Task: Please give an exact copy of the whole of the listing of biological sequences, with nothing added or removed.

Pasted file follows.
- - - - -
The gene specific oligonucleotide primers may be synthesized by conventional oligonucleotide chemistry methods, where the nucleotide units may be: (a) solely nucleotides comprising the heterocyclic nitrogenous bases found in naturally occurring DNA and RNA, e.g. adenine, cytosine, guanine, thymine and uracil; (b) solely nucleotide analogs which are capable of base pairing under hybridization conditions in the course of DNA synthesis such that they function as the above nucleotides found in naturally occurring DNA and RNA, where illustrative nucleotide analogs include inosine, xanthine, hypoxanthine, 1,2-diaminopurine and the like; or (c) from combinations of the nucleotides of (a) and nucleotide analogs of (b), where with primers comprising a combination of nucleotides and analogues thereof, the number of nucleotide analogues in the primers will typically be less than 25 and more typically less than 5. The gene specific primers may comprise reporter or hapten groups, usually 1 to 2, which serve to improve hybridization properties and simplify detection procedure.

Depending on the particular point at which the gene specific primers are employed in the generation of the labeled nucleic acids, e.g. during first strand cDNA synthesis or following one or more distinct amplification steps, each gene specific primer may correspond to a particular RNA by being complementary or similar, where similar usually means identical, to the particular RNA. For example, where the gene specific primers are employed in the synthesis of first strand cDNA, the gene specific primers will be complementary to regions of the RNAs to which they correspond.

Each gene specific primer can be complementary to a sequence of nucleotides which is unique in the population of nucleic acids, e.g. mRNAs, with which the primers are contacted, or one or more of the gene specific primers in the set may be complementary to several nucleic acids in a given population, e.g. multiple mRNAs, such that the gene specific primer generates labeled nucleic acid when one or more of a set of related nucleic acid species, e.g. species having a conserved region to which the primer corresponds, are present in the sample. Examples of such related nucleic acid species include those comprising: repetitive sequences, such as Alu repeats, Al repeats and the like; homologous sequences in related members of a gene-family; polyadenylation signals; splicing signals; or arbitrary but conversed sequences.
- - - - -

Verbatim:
The gene specific oligonucleotide primers may be synthesized by conventional oligonucleotide chemistry methods, where the nucleotide units may be: (a) solely nucleotides comprising the heterocyclic nitrogenous bases found in naturally occurring DNA and RNA, e.g. adenine, cytosine, guanine, thymine and uracil; (b) solely nucleotide analogs which are capable of base pairing under hybridization conditions in the course of DNA synthesis such that they function as the above nucleotides found in naturally occurring DNA and RNA, where illustrative nucleotide analogs include inosine, xanthine, hypoxanthine, 1,2-diaminopurine and the like; or (c) from combinations of the nucleotides of (a) and nucleotide analogs of (b), where with primers comprising a combination of nucleotides and analogues thereof, the number of nucleotide analogues in the primers will typically be less than 25 and more typically less than 5. The gene specific primers may comprise reporter or hapten groups, usually 1 to 2, which serve to improve hybridization properties and simplify detection procedure.

Depending on the particular point at which the gene specific primers are employed in the generation of the labeled nucleic acids, e.g. during first strand cDNA synthesis or following one or more distinct amplification steps, each gene specific primer may correspond to a particular RNA by being complementary or similar, where similar usually means identical, to the particular RNA. For example, where the gene specific primers are employed in the synthesis of first strand cDNA, the gene specific primers will be complementary to regions of the RNAs to which they correspond.

Each gene specific primer can be complementary to a sequence of nucleotides which is unique in the population of nucleic acids, e.g. mRNAs, with which the primers are contacted, or one or more of the gene specific primers in the set may be complementary to several nucleic acids in a given population, e.g. multiple mRNAs, such that the gene specific primer generates labeled nucleic acid when one or more of a set of related nucleic acid species, e.g. species having a conserved region to which the primer corresponds, are present in the sample. Examples of such related nucleic acid species include those comprising: repetitive sequences, such as Alu repeats, Al repeats and the like; homologous sequences in related members of a gene-family; polyadenylation signals; splicing signals; or arbitrary but conversed sequences.